On Attempts of Rehabilitation of Nazi Criminals

The Statement of the RCYL(b) Central Committee

The installation of a memorial plaque to Carl Gustaf Mannerheim in the city of Leningrad (now Saint Petersburg) produced evidently in the framework of tasks of strengthening anti-fascist propaganda and countering falsification of history, opened with great fanfare and presence of high-level government officials of the Russian Federation, has caused a number of objections from citizens of Russia. Official commentaries of the government representatives are traditionally very vague but in common they are reduced to the fact that Mannerheim was a distinguished Russian officer, and the war was long ago, so we should understand and forgive.

Really, the memorial plaque is devoted not to Mannerheim — the military dictator of Finland but to the Russian officer Mannerheim. Probably, his service to our country was really such that it requires to capture the memory of this man even against the opinions of citizens? Probably, but his biography suggests otherwise: as it expected for an aristocrat and an officer of the Russian Empire, Mannerheim moderately drunk, moderately indulged in debauchery and squandered money without any measure. The most part of the military service of this gentleman was held in the Mounted regiment, i.e. together with his colleagues Mannerheim acted as a guard of honour at the court of the Emperor. Actually in fighting Mannerheim valuably participated only during the First World war having shown himself a capable military, and previously undertook an extensive and highly successful reconnaissance and research expedition to East Asia.

The second part of the biography of Carl Gustaf Mannerheim looks much less beautiful. Having immediately gone to Finland after the revolution in Russia, Mannerheim quickly found a new career as the head of the Finnish counter-revolutionary armed groups in the service of the bourgeois government of Finland. Here Mannerheim in addition to military abilities showed himself a talented politician of well-known destinations who not only defeated with help of German invaders the Red Guard of Finland but also arranged the most severe terror against the Reds. From 1918 to 1920 the white Finns under the leadership of Mannerheim had shot, tortured to death, murdered in concentration camps tens of thousands of people, including those ethnic Russians who did not participate in the revolutionary activities.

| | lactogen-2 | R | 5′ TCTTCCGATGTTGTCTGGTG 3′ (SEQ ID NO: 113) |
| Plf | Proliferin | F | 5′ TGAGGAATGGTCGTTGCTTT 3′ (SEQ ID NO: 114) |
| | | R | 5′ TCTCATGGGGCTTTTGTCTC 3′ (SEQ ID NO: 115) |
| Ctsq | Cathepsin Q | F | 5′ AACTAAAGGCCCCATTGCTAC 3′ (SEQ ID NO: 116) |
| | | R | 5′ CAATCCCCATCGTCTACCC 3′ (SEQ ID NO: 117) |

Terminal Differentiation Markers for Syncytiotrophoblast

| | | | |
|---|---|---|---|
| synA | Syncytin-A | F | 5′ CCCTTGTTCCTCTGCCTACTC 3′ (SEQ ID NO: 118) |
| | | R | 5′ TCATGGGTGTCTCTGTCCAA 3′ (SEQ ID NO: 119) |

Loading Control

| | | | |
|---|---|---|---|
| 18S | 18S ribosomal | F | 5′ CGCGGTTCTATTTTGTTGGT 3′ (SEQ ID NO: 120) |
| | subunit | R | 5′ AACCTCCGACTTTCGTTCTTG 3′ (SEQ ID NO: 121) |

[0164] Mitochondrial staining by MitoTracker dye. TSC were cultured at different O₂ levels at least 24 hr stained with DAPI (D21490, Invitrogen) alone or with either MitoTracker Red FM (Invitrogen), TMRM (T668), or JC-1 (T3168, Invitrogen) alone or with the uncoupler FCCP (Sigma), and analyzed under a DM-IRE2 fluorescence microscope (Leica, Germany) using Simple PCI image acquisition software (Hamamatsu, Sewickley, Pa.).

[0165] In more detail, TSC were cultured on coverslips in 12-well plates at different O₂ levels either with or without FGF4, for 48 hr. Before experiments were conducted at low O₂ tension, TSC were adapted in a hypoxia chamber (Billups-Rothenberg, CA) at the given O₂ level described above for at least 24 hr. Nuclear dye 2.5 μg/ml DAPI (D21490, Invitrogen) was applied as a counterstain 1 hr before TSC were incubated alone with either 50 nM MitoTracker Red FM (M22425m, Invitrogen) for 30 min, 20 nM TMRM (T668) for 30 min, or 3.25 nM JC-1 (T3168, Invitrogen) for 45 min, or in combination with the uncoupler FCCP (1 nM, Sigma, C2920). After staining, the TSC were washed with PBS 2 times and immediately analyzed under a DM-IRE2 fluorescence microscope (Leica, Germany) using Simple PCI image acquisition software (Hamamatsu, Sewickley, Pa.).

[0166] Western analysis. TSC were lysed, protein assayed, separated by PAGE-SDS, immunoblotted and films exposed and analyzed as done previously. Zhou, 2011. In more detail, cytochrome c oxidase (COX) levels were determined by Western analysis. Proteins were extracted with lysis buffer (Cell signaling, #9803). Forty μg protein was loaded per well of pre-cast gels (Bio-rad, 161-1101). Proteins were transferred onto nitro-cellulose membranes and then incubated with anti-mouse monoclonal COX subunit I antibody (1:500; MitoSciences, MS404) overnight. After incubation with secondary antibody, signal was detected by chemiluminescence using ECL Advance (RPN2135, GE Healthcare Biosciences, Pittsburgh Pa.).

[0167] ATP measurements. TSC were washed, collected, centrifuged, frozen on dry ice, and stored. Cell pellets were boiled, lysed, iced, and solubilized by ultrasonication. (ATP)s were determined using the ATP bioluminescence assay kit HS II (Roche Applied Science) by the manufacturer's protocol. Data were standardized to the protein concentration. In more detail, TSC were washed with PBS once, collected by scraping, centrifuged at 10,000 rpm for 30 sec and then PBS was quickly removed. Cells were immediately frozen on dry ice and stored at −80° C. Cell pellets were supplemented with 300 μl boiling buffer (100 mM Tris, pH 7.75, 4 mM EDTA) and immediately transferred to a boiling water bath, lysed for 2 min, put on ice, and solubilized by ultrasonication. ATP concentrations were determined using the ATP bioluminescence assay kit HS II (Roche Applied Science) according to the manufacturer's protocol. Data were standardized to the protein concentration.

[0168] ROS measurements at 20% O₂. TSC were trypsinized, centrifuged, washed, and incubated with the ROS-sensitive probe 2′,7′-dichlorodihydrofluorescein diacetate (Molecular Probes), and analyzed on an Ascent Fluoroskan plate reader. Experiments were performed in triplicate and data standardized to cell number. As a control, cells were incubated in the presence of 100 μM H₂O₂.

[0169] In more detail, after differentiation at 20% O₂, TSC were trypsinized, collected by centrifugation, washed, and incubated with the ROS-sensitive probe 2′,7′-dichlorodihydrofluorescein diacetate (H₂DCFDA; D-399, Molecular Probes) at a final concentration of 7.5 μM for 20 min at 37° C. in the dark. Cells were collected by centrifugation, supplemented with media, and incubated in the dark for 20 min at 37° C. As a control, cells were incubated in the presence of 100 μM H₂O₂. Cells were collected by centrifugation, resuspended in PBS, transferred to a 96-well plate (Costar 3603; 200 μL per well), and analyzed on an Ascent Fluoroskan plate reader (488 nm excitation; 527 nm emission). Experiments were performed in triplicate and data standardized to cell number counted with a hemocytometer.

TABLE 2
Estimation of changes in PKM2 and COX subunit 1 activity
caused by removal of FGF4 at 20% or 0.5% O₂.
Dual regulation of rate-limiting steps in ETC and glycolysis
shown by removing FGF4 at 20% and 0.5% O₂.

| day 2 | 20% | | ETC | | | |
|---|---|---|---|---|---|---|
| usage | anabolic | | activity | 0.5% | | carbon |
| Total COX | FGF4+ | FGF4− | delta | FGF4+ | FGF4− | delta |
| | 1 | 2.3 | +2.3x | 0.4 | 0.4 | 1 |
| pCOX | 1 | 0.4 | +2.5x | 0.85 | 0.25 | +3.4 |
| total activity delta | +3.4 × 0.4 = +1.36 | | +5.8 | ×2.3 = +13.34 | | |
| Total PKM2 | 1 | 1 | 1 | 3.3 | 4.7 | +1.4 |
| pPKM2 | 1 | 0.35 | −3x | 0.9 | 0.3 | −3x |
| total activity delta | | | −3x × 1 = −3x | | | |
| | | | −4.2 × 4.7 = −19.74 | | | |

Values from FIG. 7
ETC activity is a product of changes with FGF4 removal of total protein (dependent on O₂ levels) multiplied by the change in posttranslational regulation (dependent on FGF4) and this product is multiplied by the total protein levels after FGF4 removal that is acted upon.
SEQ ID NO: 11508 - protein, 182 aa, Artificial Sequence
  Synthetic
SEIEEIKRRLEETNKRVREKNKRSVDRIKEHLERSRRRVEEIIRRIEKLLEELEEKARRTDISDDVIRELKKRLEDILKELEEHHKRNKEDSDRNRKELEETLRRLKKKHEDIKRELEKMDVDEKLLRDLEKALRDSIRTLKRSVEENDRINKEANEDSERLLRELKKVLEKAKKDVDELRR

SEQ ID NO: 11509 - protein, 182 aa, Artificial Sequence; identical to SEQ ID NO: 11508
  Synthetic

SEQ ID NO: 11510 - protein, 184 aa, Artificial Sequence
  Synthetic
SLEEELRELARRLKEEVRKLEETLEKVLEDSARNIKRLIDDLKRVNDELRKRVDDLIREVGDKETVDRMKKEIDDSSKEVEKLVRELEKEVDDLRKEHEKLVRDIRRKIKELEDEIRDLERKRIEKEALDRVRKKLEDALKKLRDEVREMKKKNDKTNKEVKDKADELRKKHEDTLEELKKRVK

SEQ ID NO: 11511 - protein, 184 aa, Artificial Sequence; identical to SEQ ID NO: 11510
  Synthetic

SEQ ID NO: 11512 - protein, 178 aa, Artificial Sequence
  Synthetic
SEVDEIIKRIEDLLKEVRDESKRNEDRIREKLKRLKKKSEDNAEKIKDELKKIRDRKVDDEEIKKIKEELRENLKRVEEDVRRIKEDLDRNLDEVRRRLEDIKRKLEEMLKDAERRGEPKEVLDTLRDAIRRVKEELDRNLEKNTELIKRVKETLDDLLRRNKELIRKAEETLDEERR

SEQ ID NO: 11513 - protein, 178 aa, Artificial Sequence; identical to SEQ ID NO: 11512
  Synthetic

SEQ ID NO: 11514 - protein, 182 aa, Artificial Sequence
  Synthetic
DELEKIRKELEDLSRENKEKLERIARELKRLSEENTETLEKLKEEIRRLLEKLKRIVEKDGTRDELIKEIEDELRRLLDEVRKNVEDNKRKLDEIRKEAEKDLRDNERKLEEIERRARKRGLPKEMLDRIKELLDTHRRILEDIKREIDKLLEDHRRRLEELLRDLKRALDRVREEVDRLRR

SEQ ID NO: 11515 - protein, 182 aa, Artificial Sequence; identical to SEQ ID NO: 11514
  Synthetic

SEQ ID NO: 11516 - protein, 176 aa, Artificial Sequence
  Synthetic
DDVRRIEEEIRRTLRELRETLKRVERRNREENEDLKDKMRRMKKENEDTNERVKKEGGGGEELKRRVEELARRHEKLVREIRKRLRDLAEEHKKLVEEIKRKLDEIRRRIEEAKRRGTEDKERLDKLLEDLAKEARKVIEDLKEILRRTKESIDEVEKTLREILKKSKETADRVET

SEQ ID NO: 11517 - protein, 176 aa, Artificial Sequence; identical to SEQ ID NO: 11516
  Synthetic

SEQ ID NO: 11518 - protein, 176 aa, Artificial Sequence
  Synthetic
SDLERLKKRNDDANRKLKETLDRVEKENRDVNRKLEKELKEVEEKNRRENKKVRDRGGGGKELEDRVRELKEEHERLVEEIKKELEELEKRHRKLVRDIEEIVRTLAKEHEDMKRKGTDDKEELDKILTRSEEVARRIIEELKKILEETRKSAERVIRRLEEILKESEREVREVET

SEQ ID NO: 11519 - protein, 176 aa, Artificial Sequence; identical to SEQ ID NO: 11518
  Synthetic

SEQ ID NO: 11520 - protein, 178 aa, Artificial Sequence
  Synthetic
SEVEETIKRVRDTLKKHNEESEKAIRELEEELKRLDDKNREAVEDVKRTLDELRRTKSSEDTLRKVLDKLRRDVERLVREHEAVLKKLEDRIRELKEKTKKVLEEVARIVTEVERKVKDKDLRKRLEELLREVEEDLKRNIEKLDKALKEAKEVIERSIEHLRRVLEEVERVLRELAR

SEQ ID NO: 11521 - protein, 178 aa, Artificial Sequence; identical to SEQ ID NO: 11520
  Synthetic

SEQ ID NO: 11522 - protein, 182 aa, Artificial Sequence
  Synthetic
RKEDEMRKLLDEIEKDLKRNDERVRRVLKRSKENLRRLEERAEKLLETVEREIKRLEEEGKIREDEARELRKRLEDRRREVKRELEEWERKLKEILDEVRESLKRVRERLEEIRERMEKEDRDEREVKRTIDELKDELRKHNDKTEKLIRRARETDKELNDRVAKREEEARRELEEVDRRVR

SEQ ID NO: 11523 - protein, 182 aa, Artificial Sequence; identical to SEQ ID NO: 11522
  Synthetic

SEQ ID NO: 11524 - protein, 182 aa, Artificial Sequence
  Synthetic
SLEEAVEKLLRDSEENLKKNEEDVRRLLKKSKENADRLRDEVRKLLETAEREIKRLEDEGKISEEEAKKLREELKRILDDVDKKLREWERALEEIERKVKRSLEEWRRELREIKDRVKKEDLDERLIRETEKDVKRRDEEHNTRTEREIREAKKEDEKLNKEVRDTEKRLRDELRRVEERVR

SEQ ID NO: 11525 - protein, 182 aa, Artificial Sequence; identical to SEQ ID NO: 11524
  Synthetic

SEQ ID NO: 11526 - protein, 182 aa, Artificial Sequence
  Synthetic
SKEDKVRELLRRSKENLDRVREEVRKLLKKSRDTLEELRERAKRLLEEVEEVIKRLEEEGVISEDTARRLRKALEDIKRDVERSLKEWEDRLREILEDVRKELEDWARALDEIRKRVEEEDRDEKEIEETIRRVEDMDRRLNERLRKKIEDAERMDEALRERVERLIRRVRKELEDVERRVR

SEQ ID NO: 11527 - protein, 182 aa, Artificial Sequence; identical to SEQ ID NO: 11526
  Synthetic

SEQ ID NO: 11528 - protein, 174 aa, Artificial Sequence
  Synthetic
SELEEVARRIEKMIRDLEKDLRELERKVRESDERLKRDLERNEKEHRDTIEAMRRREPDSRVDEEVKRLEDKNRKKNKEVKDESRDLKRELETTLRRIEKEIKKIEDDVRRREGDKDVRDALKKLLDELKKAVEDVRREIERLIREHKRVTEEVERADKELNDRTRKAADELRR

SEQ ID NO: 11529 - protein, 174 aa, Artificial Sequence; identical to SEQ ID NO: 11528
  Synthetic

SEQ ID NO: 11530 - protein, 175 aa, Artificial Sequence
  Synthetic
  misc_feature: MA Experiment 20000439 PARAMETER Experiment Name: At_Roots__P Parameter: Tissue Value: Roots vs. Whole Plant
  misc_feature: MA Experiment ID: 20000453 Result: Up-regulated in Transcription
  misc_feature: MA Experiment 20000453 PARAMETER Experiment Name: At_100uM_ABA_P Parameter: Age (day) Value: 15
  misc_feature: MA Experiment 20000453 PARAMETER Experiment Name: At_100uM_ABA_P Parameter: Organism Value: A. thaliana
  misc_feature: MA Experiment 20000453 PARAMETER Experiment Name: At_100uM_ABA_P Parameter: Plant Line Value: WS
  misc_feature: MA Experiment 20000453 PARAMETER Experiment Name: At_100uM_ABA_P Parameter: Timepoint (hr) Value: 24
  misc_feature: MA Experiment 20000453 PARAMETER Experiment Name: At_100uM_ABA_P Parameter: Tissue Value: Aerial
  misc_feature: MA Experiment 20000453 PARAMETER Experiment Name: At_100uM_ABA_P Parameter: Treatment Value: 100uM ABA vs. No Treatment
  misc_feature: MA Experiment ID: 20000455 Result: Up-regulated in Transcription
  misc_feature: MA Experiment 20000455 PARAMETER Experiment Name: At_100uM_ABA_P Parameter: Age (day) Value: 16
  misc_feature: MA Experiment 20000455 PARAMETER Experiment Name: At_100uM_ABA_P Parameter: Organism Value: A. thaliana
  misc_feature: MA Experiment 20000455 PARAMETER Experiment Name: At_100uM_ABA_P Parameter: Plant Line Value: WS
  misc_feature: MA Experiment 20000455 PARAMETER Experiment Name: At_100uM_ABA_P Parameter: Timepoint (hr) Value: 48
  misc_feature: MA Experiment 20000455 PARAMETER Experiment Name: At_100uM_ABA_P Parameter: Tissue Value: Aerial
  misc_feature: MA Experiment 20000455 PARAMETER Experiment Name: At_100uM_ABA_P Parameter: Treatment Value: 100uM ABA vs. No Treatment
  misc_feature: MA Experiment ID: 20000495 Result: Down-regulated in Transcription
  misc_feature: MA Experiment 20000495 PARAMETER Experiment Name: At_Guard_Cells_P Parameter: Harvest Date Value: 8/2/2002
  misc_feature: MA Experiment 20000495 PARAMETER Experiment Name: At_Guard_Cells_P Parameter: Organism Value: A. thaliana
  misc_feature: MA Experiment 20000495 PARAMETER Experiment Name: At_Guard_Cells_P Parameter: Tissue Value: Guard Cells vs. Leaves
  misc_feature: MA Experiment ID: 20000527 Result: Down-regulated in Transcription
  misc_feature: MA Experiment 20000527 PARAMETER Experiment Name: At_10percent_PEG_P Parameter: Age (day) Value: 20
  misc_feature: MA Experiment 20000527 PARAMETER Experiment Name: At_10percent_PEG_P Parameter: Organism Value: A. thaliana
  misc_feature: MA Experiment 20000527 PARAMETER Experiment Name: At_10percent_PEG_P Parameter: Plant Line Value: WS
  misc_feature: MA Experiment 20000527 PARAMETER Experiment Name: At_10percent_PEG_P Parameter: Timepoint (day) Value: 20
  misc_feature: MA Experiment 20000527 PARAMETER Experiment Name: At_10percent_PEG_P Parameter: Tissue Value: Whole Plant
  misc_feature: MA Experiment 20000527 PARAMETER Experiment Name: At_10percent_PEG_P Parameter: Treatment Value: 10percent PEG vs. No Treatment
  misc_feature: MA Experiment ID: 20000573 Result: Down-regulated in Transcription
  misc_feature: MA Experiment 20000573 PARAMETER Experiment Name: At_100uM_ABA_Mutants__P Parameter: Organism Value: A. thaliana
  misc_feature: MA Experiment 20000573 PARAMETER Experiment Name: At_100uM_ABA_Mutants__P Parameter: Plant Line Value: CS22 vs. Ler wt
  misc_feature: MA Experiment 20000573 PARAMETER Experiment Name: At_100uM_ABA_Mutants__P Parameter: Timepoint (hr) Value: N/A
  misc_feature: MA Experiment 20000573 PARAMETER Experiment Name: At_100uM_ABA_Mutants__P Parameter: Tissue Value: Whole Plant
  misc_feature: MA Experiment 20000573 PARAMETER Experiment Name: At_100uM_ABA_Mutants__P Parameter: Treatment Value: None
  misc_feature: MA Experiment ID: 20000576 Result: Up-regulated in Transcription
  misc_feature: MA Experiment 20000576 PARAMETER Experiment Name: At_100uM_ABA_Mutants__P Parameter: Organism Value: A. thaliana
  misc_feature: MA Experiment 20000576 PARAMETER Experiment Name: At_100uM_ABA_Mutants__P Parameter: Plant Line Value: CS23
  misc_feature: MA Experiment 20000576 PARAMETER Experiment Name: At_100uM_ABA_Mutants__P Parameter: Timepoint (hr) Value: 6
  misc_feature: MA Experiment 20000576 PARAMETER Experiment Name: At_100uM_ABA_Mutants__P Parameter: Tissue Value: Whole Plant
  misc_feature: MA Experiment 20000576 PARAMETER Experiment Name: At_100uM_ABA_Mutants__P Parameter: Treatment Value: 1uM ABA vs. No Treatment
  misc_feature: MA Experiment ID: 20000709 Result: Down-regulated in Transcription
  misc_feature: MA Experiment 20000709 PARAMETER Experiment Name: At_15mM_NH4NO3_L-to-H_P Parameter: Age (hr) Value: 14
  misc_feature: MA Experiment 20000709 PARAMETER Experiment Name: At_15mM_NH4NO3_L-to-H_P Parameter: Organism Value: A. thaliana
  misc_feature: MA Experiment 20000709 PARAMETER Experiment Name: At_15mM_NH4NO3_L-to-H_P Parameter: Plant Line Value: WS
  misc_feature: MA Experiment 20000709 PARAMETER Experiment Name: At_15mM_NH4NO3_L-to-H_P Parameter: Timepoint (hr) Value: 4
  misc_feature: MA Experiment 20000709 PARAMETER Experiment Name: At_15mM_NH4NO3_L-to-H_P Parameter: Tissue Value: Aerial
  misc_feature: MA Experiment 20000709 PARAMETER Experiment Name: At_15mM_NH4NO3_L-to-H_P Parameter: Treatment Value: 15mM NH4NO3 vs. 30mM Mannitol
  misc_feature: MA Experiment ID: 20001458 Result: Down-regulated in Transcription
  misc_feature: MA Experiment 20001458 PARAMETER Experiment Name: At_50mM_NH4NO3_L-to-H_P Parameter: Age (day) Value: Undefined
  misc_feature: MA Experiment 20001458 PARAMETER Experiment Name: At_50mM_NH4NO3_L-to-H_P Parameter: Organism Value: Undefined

But the white terror during the civil war in Finland was just a prologue to the dispensation of the Nazi “Anti-Bolshevik crusade” of 1941-1945. The Great Patriotic War showed that the terror of Mannerheim’s troops was not a cost of the civil war but, on the contrary, it was a deliberate policy of the leadership of Finland. In addition to purely military operations against the Soviet Union (in particular, participation in the blockade of Leningrad), the Mannerheim’s Finland pursued such a policy from which quite definitely looks beastly mug of Nazism, no matter how some homegrown historians of dubious political orientation try to convince us otherwise. Finland from the Baltic to the White sea, concentration camps, genocide of non-Finnish population – Mannerheim did not borrow all of this from his “older brother” Hitler. He only used on a large scale his previous experience gained in the course of the civil war.

After this brief statement of facts several legitimate questions are raised. What special contribution of the person can justify the subsequent genocide and other war crimes? Whether throughout centuries of Russian history other, less controversial, prominent officers or researchers-geographers could not be found? Why the government of the Russian Federation is so selectively restoring historical memory preferring to perpetuate predominantly those officers and researchers who later became military dictators and committed numerous crimes against humanity? For example, such as admiral Kolchak, an outstanding polar explorer, however, known primarily as the dictator of Siberia during the Civil war, and a war criminal. This gentleman also found a monument in 2004 thanks to the authorities of the new democratic Russia.

The Revolutionary Komsomol evaluates this and other similar acts as clearly political and not aimed at rehabilitation of unjustly forgotten heroes of Russian history but at rehabilitation of war criminals, providing them with a historical indulgence for merits in the struggle against communism. We strongly condemn any such attempts and after the Nuremberg Tribunal declare: